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United States District Court, S.D. New York

November 16, 2005.


The opinion of the court was delivered by: LEWIS KAPLAN, District Judge


The individual defendants move for reconsideration of so much of the Court's ruling on the motions to dismiss as sustained the claim against them under Section 20(a) of the Securities and Exchange Act of 1934, 15 U.S.C. § 78t(a), holding that culpable participation in the alleged Exchange Act violation is not an element a plaintiff must plead to state a claim; rather, lack of culpable participation is "an affirmative defense to be pleaded and proved by defendants." Alternatively, they seek certification of the question to the Court of Appeals under 28 U.S.C. § 1292(b).

A motion for reconsideration is a vehicle to bring to the Court's attention "matters or controlling decisions which counsel believes the court has overlooked." S.D.N.Y. Civ. R. 6.3. As review of movants' memorandum, the Court's opinion,*fn1 and the several previous decisions by the undersigned that were relied upon readily demonstrates, the Court did not overlook the point and has concluded that the question upon which it ruled against the individual defendants is not controlled by any existing Second Circuit or Supreme Court precedent.

  The motion for certification presents a closer question. The issue whether a plaintiff must plead culpable participation to state a claim under Section 20(a) is one on which courts are divided. It therefore should be regarded as one on which "there is substantial ground for difference of opinion."*fn2 28 U.S.C. § 1292(b). That question, if resolved in favor of the seven individual defendants, would terminate the action as to six, so the Court assumes that the question is "controlling" for purposes of the statute. The Court is not persuaded, however, that a definitive pretrial resolution of the issue would be likely "materially [to] advance the ultimate termination of the litigation." And it ultimately need not rely exclusively on that doubt in light of another practical consideration.

  "[I]nterlocutory orders are not to be certified routinely, even where the standards set forth in Section 1292(b) are met." Romea v. Heiberger & Associates, 988 F. Supp. 715, 717 (S.D.N.Y.), aff'd without consideration of the point, 163 F.3d 111 (2d Cir. 1998). One of the factors for consideration is whether the "case[is] of unusual significance, [one] in which a ruling is of practical importance going well beyond run-of-the-mill concerns of parties before the Court," In re Auction Houses Antitrust Litig., 164 F.R.D. 345, 348 (S.D.N.Y. 2001), a standard that arguably is met here. But courts should consider also whether the issue is likely to come before the Court of Appeals on an appeal from a final judgment, and thus resolve the uncertainty without burdening that court with an unnecessary application for leave to take an interlocutory appeal, and whether the benefit to the district court of a pretrial resolution outweighs the burden on the Court of Appeals of deciding an appeal prior to final judgment. See In re Currency Conversion Fee Antitrust Litig., No. M-95, 2005 WL 1871012, at *3 (S.D.N.Y. Aug. 9, 2005) ("district court must consider the institutional efficiency of the federal judiciary when considering an application for Section 1292(b) certification"). Further, they should take into account that most civil cases settle and that, in consequence, there is a substantial probability that courts of appeals never would be called upon to pass on appeals in cases in which certification is sought.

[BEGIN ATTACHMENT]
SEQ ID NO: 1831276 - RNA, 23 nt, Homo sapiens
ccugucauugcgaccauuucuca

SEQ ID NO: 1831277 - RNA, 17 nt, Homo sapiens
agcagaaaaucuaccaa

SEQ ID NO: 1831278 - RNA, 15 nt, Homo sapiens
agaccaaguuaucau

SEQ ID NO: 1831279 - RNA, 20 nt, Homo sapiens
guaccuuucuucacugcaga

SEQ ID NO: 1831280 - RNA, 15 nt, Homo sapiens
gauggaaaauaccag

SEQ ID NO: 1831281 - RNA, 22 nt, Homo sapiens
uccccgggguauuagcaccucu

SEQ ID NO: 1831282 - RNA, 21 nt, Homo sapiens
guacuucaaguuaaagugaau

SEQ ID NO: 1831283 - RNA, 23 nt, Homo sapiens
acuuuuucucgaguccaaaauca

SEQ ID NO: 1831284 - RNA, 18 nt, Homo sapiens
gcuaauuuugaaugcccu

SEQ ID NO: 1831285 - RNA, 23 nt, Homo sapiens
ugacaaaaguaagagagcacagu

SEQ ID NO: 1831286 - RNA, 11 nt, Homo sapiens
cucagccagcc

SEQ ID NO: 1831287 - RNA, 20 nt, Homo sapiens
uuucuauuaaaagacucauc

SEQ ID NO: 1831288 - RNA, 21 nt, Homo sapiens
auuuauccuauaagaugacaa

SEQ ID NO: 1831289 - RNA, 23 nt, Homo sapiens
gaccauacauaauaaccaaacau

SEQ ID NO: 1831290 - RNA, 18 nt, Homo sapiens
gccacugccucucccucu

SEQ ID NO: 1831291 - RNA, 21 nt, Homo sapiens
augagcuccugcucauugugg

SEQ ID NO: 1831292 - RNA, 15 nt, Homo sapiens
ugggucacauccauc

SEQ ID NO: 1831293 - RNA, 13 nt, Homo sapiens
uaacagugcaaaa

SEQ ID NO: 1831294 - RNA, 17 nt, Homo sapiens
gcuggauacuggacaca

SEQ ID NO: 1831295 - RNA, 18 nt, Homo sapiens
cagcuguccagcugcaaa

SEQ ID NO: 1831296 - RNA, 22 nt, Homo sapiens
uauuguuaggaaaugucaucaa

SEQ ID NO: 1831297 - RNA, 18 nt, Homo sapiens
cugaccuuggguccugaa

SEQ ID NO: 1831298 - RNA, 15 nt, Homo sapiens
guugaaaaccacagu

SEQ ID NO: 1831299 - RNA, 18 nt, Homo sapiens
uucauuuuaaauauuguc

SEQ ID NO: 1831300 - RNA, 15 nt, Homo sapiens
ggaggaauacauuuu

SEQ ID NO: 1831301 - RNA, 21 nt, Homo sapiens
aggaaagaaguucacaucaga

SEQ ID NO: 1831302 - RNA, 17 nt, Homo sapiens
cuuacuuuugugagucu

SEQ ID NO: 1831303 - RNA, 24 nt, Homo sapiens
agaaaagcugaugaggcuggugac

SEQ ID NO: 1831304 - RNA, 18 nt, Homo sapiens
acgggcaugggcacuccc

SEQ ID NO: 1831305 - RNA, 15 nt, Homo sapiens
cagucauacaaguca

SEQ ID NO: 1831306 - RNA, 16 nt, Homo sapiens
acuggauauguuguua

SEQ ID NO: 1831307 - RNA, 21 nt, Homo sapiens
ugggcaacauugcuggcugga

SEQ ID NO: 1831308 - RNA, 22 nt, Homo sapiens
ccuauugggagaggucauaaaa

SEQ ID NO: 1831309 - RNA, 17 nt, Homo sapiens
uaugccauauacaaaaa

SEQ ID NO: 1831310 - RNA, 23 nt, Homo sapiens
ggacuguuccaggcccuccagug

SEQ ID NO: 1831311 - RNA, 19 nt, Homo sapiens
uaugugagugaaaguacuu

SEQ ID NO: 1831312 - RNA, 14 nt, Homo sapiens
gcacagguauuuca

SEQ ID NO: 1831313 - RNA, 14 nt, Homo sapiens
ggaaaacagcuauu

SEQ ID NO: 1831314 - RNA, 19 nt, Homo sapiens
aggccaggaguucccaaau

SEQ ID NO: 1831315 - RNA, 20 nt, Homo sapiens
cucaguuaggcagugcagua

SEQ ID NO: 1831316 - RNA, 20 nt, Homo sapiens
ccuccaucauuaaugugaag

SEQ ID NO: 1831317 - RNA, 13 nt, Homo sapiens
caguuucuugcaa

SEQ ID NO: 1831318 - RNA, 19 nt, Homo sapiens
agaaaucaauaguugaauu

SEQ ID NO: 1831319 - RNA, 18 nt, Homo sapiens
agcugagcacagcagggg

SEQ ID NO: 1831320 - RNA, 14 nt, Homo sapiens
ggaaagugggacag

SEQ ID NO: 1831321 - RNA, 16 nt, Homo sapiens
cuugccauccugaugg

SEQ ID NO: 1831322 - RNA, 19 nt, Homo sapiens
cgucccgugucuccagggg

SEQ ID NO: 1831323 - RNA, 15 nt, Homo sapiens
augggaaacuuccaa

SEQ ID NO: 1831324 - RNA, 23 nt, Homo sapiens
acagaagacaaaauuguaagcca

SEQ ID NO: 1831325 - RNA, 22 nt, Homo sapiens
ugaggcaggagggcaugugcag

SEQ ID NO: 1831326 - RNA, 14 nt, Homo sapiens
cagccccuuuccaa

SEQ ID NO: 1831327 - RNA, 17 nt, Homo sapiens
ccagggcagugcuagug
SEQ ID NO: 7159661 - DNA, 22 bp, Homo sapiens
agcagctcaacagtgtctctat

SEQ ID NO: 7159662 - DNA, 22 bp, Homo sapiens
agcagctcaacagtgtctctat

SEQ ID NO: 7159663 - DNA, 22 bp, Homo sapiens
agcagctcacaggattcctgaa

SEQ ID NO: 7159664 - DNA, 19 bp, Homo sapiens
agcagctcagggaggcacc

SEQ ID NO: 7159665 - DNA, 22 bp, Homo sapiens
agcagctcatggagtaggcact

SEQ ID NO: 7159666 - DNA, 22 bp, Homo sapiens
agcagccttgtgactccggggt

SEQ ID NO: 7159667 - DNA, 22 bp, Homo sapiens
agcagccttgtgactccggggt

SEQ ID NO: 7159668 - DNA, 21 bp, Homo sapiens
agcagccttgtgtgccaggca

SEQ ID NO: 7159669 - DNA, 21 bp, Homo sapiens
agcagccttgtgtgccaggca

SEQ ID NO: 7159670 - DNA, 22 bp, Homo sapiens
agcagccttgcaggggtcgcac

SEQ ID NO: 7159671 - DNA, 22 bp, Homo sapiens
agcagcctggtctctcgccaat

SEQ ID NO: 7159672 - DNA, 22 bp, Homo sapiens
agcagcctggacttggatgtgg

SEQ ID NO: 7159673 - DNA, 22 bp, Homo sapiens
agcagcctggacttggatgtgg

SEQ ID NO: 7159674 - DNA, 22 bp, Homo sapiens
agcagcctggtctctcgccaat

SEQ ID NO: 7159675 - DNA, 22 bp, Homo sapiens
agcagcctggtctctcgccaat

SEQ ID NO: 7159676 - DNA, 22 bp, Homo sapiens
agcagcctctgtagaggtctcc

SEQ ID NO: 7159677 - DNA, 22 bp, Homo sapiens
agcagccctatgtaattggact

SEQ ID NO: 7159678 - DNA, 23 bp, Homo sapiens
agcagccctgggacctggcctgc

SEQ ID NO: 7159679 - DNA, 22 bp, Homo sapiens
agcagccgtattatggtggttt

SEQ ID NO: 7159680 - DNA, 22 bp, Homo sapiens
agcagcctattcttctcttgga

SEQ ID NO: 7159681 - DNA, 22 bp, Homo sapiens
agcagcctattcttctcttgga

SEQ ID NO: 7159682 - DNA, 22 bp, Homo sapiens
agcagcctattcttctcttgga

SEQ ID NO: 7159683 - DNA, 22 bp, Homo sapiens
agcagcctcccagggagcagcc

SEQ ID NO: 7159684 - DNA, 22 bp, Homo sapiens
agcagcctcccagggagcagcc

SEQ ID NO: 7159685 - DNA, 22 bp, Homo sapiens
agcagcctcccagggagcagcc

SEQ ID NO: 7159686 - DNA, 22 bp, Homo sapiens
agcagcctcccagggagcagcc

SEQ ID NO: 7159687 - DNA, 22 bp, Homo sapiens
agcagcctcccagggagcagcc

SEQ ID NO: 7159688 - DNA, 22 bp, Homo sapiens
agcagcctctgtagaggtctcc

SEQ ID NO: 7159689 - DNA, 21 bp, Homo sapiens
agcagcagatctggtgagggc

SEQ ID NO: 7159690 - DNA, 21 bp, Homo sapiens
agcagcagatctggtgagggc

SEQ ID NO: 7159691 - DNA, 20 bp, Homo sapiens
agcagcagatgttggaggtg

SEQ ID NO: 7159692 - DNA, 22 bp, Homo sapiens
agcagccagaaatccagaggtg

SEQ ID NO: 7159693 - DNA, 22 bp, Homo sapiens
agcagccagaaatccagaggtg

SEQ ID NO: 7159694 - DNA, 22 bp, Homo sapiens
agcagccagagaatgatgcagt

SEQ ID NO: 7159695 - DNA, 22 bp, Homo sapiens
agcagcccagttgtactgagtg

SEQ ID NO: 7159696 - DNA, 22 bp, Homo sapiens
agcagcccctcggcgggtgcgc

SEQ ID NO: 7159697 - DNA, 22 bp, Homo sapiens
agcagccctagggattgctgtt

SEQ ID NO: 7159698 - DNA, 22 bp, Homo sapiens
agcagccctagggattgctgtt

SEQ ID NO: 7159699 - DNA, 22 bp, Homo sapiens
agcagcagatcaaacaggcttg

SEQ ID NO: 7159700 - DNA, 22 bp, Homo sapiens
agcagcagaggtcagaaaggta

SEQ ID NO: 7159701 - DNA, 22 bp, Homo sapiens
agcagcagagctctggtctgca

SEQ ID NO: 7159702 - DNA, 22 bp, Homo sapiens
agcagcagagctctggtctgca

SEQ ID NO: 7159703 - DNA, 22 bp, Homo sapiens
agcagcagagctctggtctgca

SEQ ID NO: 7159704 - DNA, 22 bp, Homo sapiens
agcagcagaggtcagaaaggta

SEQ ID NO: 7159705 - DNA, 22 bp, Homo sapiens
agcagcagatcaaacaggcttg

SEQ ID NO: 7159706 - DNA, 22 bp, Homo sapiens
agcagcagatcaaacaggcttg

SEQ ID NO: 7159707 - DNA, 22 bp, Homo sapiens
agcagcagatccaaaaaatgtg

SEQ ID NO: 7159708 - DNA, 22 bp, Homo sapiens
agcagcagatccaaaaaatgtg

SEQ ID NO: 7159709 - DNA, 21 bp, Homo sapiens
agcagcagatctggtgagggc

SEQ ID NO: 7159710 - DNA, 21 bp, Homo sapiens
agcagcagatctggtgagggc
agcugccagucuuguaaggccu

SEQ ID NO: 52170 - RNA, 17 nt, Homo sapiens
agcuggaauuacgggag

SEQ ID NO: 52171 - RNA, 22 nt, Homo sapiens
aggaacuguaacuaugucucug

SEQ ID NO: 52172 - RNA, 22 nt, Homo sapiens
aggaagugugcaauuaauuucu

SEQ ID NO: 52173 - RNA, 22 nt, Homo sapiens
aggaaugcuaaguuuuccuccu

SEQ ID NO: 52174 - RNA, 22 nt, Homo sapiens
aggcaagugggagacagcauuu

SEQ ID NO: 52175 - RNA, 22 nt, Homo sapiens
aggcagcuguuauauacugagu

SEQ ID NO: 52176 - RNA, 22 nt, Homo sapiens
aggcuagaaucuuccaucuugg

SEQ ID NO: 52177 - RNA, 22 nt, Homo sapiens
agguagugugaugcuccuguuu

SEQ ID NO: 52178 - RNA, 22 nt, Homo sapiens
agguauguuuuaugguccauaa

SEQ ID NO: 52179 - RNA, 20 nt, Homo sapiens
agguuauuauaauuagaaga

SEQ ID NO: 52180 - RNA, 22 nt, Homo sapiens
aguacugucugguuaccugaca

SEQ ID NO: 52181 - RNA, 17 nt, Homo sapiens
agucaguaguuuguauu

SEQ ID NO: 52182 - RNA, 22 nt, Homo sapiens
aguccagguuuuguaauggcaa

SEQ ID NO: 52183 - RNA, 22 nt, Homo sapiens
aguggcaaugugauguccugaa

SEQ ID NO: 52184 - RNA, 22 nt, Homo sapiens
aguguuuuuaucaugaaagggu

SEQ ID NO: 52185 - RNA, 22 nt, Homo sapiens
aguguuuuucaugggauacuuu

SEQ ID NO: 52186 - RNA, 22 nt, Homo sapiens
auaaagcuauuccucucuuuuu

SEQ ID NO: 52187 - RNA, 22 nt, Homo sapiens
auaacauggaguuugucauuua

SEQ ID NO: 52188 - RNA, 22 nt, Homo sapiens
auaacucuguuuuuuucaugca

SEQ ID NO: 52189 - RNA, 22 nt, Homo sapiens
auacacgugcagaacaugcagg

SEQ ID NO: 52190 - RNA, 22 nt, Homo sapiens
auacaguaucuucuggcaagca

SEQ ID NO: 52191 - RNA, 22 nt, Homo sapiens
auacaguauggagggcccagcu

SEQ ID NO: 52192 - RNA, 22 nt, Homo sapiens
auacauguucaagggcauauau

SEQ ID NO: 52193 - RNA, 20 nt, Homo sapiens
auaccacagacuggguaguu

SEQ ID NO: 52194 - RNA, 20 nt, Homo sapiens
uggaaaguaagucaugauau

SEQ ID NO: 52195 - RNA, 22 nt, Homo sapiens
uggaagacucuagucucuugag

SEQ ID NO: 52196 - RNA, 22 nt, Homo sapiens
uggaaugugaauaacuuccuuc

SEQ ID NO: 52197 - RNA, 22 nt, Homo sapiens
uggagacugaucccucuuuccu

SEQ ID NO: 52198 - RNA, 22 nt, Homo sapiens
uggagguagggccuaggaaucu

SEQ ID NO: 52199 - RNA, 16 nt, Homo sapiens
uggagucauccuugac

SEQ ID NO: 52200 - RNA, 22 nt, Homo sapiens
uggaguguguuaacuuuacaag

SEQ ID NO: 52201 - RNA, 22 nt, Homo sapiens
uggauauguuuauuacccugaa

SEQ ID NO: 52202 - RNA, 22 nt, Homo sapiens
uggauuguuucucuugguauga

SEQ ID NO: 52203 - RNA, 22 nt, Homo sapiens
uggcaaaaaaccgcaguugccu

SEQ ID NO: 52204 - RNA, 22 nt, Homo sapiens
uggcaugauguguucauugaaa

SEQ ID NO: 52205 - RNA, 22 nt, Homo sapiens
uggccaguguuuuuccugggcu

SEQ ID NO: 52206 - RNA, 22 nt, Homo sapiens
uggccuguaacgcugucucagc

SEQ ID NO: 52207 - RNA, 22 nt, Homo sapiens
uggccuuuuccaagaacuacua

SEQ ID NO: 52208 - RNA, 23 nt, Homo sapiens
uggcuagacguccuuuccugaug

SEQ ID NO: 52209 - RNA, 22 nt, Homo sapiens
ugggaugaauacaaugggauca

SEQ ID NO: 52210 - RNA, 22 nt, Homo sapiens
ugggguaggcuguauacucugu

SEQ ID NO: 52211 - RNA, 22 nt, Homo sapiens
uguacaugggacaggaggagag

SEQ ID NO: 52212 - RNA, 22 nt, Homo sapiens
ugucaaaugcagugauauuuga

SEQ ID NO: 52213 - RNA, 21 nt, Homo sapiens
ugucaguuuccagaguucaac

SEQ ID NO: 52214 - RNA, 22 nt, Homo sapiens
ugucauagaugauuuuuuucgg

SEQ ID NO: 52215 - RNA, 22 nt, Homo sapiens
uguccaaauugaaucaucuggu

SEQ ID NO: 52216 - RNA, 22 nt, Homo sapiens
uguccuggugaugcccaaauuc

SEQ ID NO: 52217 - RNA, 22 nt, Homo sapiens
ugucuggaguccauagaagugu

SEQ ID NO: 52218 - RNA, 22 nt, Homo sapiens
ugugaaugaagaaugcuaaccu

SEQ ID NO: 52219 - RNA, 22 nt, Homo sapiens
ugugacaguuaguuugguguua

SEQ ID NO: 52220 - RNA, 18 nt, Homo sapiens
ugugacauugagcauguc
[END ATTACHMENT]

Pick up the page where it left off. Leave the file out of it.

This Court sees little likely advantage in the management or speed of resolution of this case that might be derived from an interlocutory determination of this issue. The action would be likely to consume substantially as much time with the individual defendants out of it as parties as it would if they remain. Regardless of whether they are parties, the individual defendants will be involved in the action as witnesses.*fn3 Moreover, this issue is being litigated so frequently in this district that the Section 20(a) issue almost inevitably soon will come before the Court of Appeals on an appeal from a final judgment in another case. In consequence, even assuming that all of the requirements of Section 1292(b) were satisfied, this Court would deny certification in the exercise of discretion.

  For the foregoing reasons, the motion is denied in all respects.



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